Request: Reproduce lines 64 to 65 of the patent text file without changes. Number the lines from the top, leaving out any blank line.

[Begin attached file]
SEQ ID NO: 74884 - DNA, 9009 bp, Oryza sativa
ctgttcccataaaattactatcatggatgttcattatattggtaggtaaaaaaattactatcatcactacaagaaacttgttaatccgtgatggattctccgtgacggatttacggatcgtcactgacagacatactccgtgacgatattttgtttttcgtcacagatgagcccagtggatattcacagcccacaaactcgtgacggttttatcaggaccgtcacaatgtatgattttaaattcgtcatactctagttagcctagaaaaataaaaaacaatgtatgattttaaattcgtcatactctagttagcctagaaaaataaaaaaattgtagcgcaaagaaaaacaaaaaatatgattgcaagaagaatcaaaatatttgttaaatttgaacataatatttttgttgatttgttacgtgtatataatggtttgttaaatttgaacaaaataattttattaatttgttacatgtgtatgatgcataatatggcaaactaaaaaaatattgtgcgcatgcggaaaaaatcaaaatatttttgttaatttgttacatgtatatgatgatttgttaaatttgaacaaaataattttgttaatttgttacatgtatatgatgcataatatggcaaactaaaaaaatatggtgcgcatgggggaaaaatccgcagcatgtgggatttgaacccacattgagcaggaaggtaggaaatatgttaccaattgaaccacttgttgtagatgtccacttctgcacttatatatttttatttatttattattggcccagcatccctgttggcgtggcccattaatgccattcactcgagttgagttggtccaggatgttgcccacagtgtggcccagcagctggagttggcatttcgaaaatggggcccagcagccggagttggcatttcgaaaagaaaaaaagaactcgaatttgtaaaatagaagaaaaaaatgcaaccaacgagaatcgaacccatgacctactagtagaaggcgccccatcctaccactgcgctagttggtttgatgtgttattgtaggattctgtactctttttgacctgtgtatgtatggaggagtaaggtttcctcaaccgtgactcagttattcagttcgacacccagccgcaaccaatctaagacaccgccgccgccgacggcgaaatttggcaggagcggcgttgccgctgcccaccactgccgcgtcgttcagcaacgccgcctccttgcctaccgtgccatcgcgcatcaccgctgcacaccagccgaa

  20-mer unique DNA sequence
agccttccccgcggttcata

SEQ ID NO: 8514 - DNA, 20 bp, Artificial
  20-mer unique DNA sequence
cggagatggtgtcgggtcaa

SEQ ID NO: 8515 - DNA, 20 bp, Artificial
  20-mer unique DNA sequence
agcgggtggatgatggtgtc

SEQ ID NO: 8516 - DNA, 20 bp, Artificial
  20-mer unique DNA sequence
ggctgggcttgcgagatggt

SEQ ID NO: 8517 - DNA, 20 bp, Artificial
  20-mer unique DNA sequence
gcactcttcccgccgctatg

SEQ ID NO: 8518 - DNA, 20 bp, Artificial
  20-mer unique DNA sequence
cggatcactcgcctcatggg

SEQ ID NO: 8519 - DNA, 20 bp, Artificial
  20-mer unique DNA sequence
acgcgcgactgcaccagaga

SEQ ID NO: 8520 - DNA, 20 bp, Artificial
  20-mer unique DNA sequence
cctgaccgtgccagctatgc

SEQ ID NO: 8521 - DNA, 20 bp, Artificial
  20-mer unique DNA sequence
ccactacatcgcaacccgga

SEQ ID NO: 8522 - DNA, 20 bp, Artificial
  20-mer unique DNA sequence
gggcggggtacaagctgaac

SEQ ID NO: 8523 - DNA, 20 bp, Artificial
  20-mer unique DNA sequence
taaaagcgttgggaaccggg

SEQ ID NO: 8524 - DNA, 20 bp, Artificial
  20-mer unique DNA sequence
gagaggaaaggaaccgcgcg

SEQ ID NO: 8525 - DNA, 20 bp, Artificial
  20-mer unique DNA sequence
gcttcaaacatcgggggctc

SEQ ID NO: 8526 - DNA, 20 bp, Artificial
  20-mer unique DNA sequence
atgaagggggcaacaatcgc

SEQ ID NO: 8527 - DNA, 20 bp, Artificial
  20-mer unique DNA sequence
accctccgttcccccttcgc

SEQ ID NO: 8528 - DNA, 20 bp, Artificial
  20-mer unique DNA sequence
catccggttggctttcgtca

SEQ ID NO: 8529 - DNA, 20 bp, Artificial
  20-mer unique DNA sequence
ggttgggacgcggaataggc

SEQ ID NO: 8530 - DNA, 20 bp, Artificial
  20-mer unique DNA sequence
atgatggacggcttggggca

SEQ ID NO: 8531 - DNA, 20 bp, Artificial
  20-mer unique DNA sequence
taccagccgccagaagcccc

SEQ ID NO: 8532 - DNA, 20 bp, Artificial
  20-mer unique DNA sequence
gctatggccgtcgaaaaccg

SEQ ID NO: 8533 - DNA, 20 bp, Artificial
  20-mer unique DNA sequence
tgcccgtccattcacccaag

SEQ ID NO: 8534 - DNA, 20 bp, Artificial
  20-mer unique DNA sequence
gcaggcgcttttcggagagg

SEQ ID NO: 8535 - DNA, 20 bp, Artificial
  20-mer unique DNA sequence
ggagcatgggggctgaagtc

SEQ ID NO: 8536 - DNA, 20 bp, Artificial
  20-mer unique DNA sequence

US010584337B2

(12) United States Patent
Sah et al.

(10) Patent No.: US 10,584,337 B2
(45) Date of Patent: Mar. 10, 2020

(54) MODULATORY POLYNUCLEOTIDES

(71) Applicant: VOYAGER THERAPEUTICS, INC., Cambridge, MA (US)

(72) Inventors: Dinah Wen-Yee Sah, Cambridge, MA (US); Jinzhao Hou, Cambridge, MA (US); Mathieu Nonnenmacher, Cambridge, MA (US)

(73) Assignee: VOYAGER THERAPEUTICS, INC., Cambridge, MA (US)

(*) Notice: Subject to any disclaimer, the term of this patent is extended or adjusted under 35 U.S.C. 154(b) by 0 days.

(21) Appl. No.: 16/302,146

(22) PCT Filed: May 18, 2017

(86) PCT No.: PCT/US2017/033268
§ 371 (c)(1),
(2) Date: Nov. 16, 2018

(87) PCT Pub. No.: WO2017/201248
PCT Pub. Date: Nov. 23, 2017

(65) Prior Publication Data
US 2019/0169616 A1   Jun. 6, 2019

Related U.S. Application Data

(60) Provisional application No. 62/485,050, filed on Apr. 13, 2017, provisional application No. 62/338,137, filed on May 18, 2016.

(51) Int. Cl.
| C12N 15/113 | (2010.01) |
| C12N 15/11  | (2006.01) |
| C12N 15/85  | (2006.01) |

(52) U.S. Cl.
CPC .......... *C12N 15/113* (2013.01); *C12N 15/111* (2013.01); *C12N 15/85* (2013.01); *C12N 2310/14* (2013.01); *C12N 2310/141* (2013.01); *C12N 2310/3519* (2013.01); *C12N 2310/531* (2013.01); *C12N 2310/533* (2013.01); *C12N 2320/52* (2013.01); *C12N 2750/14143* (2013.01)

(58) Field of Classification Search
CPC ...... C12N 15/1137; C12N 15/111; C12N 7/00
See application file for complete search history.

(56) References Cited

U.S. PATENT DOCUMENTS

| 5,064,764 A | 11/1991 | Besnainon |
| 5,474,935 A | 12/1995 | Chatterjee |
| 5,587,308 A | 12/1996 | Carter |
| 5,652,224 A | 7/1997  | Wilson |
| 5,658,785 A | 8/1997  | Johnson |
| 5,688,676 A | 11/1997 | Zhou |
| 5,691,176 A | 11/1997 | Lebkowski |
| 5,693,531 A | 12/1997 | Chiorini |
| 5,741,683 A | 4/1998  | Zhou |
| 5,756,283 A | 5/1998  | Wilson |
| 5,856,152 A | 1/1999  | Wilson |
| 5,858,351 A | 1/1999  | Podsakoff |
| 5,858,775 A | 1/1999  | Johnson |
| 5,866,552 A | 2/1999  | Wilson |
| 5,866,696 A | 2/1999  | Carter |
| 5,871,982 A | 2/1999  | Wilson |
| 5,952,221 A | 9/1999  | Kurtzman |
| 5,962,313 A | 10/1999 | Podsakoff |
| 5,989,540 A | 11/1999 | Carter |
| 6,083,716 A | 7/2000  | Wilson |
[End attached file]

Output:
tgcccgtccattcacccaag

SEQ ID NO: 8534 - DNA, 20 bp, Artificial